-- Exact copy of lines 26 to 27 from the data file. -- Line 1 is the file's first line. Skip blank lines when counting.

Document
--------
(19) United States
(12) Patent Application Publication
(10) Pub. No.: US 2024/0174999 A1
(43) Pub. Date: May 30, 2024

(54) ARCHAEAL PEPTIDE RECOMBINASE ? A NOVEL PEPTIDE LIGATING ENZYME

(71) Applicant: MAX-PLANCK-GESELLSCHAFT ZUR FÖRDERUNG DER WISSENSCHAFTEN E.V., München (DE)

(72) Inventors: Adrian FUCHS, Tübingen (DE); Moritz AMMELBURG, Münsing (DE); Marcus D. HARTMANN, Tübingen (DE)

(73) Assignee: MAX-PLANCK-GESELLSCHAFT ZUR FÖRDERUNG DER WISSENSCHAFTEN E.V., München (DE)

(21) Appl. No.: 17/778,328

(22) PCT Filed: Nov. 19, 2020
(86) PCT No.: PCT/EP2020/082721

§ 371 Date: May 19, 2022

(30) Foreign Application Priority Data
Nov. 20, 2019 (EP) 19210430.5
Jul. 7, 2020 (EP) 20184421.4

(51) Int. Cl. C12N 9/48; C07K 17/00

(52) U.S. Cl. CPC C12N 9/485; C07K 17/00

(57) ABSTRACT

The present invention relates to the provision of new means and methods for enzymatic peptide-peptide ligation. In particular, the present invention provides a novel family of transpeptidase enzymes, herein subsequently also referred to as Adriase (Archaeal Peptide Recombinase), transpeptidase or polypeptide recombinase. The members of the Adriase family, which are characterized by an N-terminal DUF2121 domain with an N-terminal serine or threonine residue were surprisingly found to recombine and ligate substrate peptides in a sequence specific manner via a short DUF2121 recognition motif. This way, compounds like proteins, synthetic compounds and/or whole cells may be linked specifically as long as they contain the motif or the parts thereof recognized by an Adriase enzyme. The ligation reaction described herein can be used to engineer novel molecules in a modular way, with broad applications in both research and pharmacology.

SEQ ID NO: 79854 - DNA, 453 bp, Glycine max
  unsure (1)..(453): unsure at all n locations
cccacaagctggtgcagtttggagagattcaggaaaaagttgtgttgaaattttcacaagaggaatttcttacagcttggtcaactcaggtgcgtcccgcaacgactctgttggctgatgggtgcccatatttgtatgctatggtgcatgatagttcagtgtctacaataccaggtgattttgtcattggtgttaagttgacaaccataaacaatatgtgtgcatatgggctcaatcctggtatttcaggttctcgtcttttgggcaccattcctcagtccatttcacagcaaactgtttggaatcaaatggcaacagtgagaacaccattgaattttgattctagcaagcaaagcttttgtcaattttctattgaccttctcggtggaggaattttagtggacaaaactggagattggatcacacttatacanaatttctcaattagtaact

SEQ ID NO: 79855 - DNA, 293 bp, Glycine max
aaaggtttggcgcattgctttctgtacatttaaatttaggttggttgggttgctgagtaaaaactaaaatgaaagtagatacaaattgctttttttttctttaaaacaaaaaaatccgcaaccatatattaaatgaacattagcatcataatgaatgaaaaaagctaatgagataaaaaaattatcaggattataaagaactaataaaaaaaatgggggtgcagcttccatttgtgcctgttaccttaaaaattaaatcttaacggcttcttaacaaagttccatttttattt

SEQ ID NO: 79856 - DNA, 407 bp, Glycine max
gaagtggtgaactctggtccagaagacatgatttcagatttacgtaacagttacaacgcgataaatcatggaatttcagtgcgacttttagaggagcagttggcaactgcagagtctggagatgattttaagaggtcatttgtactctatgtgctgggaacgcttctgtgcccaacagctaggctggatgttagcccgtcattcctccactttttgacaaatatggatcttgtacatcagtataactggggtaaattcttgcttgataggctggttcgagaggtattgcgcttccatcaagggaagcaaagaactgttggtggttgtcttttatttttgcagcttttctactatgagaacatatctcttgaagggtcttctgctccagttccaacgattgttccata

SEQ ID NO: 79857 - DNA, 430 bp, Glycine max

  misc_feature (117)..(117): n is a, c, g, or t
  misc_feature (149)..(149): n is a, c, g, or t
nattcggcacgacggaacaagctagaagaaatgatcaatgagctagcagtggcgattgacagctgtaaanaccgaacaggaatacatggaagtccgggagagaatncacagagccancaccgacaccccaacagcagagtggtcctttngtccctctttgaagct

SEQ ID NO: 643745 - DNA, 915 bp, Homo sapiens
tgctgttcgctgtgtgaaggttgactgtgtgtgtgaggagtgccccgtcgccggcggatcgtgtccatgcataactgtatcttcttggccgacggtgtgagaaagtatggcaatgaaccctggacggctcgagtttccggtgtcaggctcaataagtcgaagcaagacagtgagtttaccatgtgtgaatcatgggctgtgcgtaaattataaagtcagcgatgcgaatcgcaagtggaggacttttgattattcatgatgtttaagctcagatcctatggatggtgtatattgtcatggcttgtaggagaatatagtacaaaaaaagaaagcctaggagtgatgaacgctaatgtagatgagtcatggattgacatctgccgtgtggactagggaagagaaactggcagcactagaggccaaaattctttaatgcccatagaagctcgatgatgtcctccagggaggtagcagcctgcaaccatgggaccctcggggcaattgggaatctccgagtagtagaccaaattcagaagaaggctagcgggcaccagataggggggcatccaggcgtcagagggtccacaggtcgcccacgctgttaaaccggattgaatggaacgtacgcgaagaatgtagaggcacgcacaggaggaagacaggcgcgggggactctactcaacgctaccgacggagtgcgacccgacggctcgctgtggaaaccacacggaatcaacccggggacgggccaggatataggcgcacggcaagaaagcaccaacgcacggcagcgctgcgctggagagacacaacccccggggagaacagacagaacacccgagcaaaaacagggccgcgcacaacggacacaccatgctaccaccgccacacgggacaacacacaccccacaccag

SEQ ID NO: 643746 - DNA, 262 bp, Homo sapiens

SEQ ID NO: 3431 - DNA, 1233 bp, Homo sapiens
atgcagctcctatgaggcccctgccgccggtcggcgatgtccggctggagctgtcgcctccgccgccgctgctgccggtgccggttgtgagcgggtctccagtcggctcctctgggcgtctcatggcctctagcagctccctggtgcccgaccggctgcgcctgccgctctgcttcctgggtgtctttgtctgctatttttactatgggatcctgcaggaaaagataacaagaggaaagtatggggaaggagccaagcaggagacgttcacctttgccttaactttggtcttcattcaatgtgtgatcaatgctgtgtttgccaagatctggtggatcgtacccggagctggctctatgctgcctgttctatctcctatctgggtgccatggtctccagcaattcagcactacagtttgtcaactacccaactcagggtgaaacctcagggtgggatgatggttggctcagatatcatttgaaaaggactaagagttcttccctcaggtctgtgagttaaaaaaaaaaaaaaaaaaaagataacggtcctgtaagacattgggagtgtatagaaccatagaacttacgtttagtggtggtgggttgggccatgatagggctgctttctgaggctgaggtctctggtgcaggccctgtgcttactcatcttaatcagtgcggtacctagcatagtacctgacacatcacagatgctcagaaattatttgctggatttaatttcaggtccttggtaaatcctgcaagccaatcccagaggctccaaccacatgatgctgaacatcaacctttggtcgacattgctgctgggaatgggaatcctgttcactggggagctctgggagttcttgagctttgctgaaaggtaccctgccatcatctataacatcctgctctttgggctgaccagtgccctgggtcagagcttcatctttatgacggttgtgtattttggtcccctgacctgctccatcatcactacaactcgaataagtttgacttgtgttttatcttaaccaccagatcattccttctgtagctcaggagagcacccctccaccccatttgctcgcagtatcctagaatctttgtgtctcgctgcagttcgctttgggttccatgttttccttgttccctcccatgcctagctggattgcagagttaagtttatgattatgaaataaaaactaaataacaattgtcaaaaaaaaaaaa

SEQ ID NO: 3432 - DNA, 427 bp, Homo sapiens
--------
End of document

gaagtggtgaactctggtccagaagacatgatttcagatttacgtaacagttacaacgcgataaatcatggaatttcagtgcgacttttagaggagcagttggcaactgcagagtctggagatgattttaagaggtcatttgtactctatgtgctgggaacgcttctgtgcccaacagctaggctggatgttagcccgtcattcctccactttttgacaaatatggatcttgtacatcagtataactggggtaaattcttgcttgataggctggttcgagaggtattgcgcttccatcaagggaagcaaagaactgttggtggttgtcttttatttttgcagcttttctactatgagaacatatctcttgaagggtcttctgctccagttccaacgattgttccata

SEQ ID NO: 79857 - DNA, 430 bp, Glycine max